Objective. To compare the use and effect of a computer based information system for cancer patients that is personalised using each patient's medical record with a system providing only general information and with information provided in booklets. Design. Randomised trial with three groups. Data collected at start of radiotherapy, one week later (when information provided), three weeks later, and three months later. Participants. 525 patients started radical radiotherapy; 438 completed follow up. Interventions. Two groups were offered information via computer (personalised or general information, or both) with open access to computer thereafter; the third group was offered a selection of information booklets. Outcomes. Patients' views and preferences, use of computer and information, and psychological status; doctors' perceptions; cost of interventions. Results. More patients offered the personalised information said that they had learnt something new, thought the information was relevant, used the computer again, and showed their computer printouts to others. There were no major differences in doctors' perceptions of patients. More of the general computer group were anxious at three months. With an electronic patient record system, in the long run the personalised information system would cost no more than the general system. Full access to booklets cost twice as much as the general system. Conclusions. Patients preferred computer systems that provided information from their medical records to systems that just provided general information. This has implications for the design and implementation of electronic patient record systems and reliance on general sources of patient information.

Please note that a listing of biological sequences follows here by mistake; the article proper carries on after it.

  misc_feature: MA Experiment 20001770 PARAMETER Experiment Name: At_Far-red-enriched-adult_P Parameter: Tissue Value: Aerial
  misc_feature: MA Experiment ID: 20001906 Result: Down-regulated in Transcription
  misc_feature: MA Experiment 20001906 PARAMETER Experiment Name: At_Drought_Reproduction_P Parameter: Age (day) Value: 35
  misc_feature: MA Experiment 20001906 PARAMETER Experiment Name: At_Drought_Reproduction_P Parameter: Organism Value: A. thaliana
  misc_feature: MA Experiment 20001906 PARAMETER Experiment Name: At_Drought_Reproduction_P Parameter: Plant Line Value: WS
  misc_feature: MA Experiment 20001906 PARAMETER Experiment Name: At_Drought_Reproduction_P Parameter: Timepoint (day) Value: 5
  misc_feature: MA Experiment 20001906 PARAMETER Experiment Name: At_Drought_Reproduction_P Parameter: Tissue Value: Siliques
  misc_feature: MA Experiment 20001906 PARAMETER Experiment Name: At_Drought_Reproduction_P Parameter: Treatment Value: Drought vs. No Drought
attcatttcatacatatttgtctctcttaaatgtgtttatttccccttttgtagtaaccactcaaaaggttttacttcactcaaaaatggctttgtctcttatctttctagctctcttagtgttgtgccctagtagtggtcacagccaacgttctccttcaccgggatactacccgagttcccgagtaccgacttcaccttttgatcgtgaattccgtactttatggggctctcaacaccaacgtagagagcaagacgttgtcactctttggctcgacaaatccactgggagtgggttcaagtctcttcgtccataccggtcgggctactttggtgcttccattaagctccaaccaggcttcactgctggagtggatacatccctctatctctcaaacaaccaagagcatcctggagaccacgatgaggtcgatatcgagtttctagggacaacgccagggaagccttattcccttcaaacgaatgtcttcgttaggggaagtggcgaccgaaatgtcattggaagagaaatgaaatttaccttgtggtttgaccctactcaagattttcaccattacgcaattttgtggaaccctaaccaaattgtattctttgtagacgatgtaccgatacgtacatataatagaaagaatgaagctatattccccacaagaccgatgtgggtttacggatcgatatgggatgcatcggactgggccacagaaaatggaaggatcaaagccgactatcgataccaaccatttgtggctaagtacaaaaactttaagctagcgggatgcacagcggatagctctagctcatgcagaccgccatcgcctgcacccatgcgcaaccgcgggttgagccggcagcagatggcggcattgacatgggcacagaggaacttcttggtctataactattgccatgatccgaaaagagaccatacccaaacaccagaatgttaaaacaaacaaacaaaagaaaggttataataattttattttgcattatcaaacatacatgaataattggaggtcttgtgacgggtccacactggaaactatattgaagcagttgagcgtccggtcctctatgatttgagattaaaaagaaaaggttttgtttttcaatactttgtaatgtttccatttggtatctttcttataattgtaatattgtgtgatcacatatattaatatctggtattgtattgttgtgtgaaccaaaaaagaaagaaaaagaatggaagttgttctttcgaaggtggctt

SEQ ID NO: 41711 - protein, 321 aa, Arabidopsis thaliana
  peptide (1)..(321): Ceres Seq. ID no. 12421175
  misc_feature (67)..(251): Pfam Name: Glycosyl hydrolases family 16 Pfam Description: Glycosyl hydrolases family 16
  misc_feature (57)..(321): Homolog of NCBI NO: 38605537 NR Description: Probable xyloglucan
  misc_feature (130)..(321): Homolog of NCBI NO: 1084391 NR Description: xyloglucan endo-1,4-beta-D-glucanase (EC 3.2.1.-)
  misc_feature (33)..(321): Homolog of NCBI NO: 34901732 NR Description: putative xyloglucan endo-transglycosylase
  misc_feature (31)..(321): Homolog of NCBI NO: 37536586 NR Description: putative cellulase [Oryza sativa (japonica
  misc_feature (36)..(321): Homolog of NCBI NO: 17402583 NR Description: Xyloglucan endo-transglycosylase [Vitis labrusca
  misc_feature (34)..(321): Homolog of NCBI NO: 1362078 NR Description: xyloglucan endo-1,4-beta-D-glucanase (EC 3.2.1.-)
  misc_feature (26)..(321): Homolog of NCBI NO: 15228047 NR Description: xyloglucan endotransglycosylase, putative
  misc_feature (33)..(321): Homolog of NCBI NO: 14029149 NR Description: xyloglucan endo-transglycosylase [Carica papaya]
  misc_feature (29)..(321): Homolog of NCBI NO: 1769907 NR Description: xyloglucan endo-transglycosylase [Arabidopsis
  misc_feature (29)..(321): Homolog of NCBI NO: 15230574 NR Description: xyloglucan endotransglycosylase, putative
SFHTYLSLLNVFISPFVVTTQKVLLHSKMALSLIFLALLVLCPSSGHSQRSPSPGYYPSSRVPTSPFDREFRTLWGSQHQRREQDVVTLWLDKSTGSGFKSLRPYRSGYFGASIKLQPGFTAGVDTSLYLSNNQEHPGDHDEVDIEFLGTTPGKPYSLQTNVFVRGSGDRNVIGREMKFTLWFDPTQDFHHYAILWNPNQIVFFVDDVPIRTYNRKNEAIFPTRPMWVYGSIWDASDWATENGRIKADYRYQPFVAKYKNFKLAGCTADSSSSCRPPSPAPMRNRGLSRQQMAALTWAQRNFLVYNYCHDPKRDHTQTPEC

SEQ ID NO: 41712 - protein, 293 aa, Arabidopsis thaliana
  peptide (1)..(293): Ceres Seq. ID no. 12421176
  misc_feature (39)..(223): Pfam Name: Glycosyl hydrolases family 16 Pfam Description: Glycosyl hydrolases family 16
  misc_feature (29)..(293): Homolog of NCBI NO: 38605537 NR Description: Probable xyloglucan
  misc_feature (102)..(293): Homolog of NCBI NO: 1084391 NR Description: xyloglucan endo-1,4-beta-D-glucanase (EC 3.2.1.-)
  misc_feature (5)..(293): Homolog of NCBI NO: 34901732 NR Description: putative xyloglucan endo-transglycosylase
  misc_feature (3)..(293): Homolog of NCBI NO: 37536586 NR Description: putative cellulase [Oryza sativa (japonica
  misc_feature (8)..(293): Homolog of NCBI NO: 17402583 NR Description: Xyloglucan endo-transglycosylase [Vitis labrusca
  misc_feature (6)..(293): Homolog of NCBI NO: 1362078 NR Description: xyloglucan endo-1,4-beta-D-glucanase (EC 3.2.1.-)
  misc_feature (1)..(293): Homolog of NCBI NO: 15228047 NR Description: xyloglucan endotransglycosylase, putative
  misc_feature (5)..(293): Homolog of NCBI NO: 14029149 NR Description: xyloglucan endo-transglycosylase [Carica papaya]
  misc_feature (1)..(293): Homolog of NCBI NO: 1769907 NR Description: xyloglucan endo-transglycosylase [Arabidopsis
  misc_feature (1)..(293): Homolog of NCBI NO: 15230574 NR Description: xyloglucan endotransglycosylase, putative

|Number of pages||7|
|Publication status||Published - 6 Nov 1999|